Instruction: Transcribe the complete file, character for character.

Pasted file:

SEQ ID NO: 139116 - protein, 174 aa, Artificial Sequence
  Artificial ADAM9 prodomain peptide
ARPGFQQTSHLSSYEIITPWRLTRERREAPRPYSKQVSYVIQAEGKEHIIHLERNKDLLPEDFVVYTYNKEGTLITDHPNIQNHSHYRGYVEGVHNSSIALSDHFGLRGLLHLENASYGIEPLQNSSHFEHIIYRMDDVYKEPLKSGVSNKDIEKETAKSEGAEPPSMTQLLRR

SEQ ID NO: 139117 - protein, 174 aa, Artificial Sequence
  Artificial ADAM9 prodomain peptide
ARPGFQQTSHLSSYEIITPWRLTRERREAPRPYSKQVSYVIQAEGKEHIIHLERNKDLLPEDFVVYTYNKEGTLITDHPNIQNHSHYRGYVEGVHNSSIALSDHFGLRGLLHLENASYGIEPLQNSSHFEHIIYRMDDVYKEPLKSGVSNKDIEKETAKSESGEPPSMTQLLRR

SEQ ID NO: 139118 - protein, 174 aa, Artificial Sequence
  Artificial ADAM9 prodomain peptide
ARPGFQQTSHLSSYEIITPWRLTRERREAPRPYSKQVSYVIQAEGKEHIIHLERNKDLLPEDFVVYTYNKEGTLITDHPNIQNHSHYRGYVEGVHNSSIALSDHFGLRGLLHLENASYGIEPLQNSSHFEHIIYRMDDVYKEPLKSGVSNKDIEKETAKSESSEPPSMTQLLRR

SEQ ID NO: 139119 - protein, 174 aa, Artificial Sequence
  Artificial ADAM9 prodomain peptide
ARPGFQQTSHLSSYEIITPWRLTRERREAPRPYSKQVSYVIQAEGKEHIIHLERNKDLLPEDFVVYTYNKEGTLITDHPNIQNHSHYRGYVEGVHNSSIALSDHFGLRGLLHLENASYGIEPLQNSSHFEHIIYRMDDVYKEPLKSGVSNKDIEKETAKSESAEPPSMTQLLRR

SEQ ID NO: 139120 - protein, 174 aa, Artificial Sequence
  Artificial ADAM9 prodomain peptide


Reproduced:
SEQ ID NO: 139116 - protein, 174 aa, Artificial Sequence
  Artificial ADAM9 prodomain peptide
ARPGFQQTSHLSSYEIITPWRLTRERREAPRPYSKQVSYVIQAEGKEHIIHLERNKDLLPEDFVVYTYNKEGTLITDHPNIQNHSHYRGYVEGVHNSSIALSDHFGLRGLLHLENASYGIEPLQNSSHFEHIIYRMDDVYKEPLKSGVSNKDIEKETAKSEGAEPPSMTQLLRR

SEQ ID NO: 139117 - protein, 174 aa, Artificial Sequence
  Artificial ADAM9 prodomain peptide
ARPGFQQTSHLSSYEIITPWRLTRERREAPRPYSKQVSYVIQAEGKEHIIHLERNKDLLPEDFVVYTYNKEGTLITDHPNIQNHSHYRGYVEGVHNSSIALSDHFGLRGLLHLENASYGIEPLQNSSHFEHIIYRMDDVYKEPLKSGVSNKDIEKETAKSESGEPPSMTQLLRR

SEQ ID NO: 139118 - protein, 174 aa, Artificial Sequence
  Artificial ADAM9 prodomain peptide
ARPGFQQTSHLSSYEIITPWRLTRERREAPRPYSKQVSYVIQAEGKEHIIHLERNKDLLPEDFVVYTYNKEGTLITDHPNIQNHSHYRGYVEGVHNSSIALSDHFGLRGLLHLENASYGIEPLQNSSHFEHIIYRMDDVYKEPLKSGVSNKDIEKETAKSESSEPPSMTQLLRR

SEQ ID NO: 139119 - protein, 174 aa, Artificial Sequence
  Artificial ADAM9 prodomain peptide
ARPGFQQTSHLSSYEIITPWRLTRERREAPRPYSKQVSYVIQAEGKEHIIHLERNKDLLPEDFVVYTYNKEGTLITDHPNIQNHSHYRGYVEGVHNSSIALSDHFGLRGLLHLENASYGIEPLQNSSHFEHIIYRMDDVYKEPLKSGVSNKDIEKETAKSESAEPPSMTQLLRR

SEQ ID NO: 139120 - protein, 174 aa, Artificial Sequence
  Artificial ADAM9 prodomain peptide